Cuba: Travel Light

Before, during, and after my trip to Cuba, I had been pondering, even obsessing, about my own personal subject expertise and virtuosity in photography.

Was I a generalist or a specialist?

What was I really great at shooting? What did I enjoy shooting most? And why?

What subjects, scenes, and scenarios, in love and life, most inspired and motivated me, to point my camera at and click away?

Slowly, after putting many miles under my feet, I began to formulate a conclusion in three simple words-light. color, design…and the greatest of these is light.

In other words, I, and all photographers, primarily and mostly, shoot light and reflected light at that.

If you think about it, all cameras are subject-agnostic. They, for the most part, minus a few computational exceptions, have no earthly idea about what you are looking at. Cameras, in this regard, are not smart but dumb.

Cameras don’t know what your creative intentions are. Only you do.

That’s why, photographers, and not cameras, make pictures.

All light, from its source, travels in a straight line. Before the light arrives at its target destination, it can be diffused, subtracted, or reflected.

These are the well-known and time-tested properties of light transmission, subtraction, and reflection.
The lion-share of most of our photography efforts, for all of us that carry cameras, is a simple scientific matter of a film plane or digital sensor, capturing reflected light.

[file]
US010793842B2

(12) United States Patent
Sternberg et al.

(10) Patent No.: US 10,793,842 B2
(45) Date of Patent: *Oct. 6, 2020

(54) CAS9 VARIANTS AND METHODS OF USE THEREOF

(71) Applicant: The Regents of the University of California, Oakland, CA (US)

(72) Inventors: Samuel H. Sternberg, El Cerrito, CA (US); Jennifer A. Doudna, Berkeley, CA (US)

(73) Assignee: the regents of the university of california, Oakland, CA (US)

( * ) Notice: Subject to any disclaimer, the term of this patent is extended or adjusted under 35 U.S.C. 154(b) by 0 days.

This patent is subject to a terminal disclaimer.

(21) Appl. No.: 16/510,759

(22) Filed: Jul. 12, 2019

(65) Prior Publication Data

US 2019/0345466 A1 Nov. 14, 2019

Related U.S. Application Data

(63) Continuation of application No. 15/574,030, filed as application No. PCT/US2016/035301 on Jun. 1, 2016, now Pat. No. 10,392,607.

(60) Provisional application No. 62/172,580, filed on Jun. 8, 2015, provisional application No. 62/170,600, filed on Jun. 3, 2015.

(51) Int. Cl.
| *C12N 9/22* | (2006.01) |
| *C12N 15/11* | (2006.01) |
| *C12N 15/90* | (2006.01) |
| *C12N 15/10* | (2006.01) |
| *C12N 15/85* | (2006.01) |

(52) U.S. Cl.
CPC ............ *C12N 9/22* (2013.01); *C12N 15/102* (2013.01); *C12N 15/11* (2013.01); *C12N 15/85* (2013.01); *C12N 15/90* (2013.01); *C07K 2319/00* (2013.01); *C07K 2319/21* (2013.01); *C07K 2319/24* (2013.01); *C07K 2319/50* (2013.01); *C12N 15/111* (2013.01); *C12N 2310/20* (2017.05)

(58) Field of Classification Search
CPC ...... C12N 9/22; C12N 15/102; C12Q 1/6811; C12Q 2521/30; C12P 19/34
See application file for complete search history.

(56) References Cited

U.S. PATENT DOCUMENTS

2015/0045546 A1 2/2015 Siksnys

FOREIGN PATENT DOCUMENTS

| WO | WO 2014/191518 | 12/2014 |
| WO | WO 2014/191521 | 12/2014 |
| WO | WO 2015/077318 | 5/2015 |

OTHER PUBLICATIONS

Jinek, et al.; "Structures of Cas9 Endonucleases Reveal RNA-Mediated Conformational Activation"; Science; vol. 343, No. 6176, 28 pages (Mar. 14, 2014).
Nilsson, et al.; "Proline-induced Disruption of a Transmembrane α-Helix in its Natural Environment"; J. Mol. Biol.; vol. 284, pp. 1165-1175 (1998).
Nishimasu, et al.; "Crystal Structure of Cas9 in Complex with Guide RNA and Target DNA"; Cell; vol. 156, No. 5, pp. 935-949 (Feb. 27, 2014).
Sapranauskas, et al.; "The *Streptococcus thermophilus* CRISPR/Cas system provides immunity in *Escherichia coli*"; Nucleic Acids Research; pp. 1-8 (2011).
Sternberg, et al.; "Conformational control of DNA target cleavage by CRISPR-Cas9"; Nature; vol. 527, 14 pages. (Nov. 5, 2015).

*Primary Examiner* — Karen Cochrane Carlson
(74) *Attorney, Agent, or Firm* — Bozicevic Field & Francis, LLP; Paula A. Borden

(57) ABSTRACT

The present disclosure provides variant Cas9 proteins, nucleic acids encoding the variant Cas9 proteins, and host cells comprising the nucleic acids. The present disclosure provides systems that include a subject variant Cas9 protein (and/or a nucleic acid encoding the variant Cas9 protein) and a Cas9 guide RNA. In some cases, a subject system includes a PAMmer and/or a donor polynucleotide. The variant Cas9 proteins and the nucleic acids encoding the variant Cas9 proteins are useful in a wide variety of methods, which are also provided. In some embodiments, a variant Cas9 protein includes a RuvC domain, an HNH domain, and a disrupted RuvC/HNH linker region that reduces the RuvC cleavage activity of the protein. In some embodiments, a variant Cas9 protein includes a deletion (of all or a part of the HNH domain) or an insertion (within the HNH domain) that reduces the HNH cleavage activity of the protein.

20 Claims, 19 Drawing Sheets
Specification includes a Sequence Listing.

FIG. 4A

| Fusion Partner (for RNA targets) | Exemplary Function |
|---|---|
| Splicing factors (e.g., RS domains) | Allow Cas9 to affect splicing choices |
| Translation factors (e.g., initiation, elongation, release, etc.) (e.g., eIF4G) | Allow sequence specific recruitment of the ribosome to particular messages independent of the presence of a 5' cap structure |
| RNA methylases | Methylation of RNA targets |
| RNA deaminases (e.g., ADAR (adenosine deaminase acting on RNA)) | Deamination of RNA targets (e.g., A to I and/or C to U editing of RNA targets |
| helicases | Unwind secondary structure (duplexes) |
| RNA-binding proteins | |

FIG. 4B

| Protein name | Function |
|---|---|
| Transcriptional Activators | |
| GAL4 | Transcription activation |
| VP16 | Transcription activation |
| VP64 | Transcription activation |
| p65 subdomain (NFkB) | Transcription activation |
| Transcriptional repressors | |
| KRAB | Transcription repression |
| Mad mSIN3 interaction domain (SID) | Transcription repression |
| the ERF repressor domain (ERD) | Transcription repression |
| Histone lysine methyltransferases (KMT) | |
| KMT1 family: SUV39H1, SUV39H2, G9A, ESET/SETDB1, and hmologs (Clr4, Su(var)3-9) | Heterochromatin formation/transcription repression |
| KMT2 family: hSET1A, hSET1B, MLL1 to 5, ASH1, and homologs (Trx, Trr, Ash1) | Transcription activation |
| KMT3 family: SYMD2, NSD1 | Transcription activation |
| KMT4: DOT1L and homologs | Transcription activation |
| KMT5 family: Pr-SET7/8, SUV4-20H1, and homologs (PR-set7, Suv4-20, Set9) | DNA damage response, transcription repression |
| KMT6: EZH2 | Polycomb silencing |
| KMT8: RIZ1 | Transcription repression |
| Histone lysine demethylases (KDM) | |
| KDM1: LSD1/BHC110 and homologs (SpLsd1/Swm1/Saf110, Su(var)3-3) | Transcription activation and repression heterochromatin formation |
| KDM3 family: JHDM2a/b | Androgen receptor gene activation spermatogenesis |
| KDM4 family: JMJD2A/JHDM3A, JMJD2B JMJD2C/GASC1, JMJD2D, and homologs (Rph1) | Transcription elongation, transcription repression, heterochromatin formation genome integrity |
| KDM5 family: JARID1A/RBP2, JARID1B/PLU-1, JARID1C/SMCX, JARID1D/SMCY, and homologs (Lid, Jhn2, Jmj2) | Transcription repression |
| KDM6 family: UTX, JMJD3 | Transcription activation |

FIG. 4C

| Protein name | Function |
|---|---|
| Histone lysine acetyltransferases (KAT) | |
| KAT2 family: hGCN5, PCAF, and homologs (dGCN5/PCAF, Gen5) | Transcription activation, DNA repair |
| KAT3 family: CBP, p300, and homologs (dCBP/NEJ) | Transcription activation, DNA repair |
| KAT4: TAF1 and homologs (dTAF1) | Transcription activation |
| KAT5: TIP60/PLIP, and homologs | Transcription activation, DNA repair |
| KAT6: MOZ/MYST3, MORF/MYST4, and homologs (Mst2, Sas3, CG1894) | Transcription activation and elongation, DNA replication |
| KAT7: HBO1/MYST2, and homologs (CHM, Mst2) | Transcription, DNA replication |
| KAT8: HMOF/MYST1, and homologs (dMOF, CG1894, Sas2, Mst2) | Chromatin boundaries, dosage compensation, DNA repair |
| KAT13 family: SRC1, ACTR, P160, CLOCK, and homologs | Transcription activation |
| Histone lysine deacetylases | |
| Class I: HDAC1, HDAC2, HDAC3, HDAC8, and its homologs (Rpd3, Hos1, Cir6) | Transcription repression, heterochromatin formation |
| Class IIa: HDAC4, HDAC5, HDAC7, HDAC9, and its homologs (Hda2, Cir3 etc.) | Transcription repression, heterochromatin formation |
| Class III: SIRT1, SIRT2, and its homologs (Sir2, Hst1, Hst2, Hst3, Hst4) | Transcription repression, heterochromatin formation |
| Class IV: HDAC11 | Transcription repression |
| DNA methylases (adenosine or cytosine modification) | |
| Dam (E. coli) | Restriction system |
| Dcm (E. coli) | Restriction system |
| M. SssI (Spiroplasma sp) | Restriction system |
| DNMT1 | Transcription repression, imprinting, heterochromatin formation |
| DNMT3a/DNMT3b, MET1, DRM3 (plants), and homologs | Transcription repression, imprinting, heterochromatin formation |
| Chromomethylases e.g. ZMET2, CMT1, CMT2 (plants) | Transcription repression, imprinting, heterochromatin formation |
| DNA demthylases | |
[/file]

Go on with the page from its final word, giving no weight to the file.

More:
So while most photographers, myself included, continue to obsess, even brag, about their unique subject specialties and masteries, their real, sometimes hidden, aptitude is capturing light.

But, in a way, these subject specialties are secondary to my most important specialty-shooting light.
What do photographers actually shoot? They actually shoot light.

Yes, of course, without a doubt, I have, humbly and admittedly, subject competency in travel, portraiture, food, still life, lifestyle, landscapes, coastal, architecture, and adventure.

But my fundamental proficiency and command are not in the subjects I shoot but in the light, I use to celebrate these subjects.

In terms of my experience in Cuba, the story, as I experienced it, firsthand, with the help of Wilbur and Yirka, my photo guides and colleagues, was “travel light”.

And by travel light, I don’t mean what I brought or didn’t bring with me. I’m talking about the very exquisite, elegant, graceful, poetic, delicate light on the streets, that occupied and engrossed every click I made. Travel light.



Jack Hollingsworth